Research ArticleCELL BIOLOGY

Bach1 regulates self-renewal and impedes mesendodermal differentiation of human embryonic stem cells

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Science Advances  13 Mar 2019:
Vol. 5, no. 3, eaau7887
DOI: 10.1126/sciadv.aau7887
  • Fig. 1 Bach1 is required for maintaining hESCs identity.

    (A) Immunoblot analysis of Bach1 protein level and alkaline phosphatase (AP) staining of colonies in WT hESCs and DoxBach1-transfected Bach1-KO hESCs that had been treated with Dox (Bach1-KO + Dox) or without Dox (Bach1-KO − Dox). Scale bars, 500 μm. (B) Bars show mean percentages of differentiated (Diff.) AP-negative, mixed (some cells AP-positive, some-negative), and undifferentiated (Undiff.) uniformly AP-positive embryonic stem cell colonies in WT hESCs and Bach1-KO hESCs (n = 3). *P < 0.05; **P < 0.01 compared with WT, t test. (C) WT, Bach1-KO − Dox, and Bach1-KO + Dox hESCs were seeded into Matrigel-coated wells (3 × 104 cells per well), and proliferation was evaluated by monitoring cell counts over the ensuing 4-day culture period (n = 3). *P < 0.05; **P < 0.01 compared with WT; #P < 0.05, ##P < 0.01 compared with Bach1-KO − Dox; one-way analysis of variance. (D) Nanog, Sox2, Oct4, and Bach1 protein levels in WT, Bach1-KO − Dox, and Bach1-KO + Dox hESCs were evaluated via Western blot (left panel) and quantified (right panel); β-Actin levels were also evaluated to confirm equal loading (n = 3). **P < 0.01 compared with WT; ##P < 0.01 compared with Bach1-KO − Dox; one-way analysis of variance. (E) WT and Bach1-KO hESCs were immunofluorescently stained for Sox2 or Oct4 expression, and nuclei were counterstained with 4′,6-diamidino-2-phenylindole (DAPI). Scale bars, 100 μm. (F) AP staining of colonies and mean percentages of differentiated, mixed, and undifferentiated cell colonies in hESCs treated with lentivirus control shRNA (Lv-Con) or lentivirus Bach1-shRNAs (Lv-shBach1). Scale bars, 500 μm. *P < 0.05; **P < 0.01 compared with Lv-Con; t test. (G and H) Western blot analysis of pluripotent factors and quantification of cell numbers for 4 days in hESCs treated with Lv-Con or Lv-shBach1 (n = 3). *P < 0.05; **P < 0.01 compared with Lv-Con; t test. (I) Overexpression of Bach1 enhanced reprogramming of human dermal fibroblasts to pluripotency. Left: AP staining of reprogramming colonies. Right: Quantitative and statistical analysis of AP-positive colonies (n = 4). *P < 0.05 compared with adenovirus green fluorescent protein (AdGFP). Data were collected from three or four independent replicates and are shown as means ± SD.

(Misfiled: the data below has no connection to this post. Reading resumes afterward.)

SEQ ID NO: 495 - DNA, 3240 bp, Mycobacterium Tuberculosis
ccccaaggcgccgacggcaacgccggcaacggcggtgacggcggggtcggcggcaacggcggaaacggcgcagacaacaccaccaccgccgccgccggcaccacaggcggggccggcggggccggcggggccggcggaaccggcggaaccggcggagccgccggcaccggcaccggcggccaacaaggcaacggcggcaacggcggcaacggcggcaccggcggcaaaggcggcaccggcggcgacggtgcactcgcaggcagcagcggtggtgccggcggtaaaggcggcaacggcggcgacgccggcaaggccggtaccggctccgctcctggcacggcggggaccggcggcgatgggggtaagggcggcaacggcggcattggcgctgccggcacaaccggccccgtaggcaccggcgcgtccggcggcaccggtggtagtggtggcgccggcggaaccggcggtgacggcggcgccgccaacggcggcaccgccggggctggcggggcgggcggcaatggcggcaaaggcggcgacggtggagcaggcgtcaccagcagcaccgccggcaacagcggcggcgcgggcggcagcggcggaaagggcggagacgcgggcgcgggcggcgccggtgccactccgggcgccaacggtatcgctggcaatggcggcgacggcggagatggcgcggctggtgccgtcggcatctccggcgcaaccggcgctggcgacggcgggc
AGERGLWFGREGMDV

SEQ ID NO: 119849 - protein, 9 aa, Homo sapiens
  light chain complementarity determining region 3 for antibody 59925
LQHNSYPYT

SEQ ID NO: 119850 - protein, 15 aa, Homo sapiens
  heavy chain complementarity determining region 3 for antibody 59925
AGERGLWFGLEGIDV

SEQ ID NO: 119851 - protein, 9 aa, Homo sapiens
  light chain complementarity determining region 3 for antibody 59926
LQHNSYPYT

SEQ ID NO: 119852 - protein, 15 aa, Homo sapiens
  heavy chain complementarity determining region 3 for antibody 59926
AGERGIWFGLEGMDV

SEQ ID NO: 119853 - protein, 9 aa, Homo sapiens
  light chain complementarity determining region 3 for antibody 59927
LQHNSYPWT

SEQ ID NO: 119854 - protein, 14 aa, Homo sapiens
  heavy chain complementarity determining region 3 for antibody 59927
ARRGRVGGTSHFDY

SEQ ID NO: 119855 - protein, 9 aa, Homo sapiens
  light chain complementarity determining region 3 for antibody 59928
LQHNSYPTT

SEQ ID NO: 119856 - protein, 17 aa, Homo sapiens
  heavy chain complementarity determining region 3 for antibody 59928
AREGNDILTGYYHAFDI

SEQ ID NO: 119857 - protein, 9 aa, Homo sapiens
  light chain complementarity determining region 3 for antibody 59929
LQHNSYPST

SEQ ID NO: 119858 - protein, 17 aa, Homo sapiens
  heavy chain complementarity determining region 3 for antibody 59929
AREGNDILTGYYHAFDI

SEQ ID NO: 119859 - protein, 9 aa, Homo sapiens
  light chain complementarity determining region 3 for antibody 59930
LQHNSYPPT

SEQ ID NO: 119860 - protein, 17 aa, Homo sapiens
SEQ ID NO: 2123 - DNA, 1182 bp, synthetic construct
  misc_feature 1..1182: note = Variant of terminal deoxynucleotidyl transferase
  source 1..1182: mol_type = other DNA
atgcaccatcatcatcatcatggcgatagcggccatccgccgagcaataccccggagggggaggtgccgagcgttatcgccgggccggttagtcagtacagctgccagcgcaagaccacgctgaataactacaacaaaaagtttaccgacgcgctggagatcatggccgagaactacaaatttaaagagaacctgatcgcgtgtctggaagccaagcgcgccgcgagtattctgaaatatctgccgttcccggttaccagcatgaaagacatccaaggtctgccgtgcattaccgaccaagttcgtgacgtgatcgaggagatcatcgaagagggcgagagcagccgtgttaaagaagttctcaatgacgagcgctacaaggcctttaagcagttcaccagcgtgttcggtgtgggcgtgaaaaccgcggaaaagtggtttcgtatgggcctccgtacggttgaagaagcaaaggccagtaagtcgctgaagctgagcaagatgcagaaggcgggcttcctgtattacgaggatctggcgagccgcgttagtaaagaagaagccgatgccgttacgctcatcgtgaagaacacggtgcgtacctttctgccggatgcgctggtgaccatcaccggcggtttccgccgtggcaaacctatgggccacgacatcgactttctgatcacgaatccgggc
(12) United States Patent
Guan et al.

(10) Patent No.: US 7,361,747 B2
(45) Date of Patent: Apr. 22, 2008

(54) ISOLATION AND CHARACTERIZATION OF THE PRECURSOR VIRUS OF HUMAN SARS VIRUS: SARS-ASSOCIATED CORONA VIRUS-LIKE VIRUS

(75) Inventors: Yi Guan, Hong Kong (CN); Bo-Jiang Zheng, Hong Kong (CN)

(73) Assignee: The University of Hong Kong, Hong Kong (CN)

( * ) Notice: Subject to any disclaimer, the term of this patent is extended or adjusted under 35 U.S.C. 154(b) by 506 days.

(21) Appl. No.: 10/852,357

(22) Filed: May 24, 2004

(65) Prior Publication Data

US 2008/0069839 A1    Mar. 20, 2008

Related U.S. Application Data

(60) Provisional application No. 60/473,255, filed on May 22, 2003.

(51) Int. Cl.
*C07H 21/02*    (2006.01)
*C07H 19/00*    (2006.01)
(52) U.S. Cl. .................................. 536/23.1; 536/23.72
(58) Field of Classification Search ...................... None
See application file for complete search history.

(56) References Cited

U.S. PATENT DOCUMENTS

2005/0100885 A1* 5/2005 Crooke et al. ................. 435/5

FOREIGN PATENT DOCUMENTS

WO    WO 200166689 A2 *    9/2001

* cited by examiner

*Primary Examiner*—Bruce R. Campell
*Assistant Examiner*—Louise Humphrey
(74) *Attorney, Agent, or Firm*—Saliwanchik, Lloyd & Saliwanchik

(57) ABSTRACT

• Fig. 2 Bach1 interacts with and stabilizes Nanog, Sox2, and Oct4 by recruiting DUB Usp7.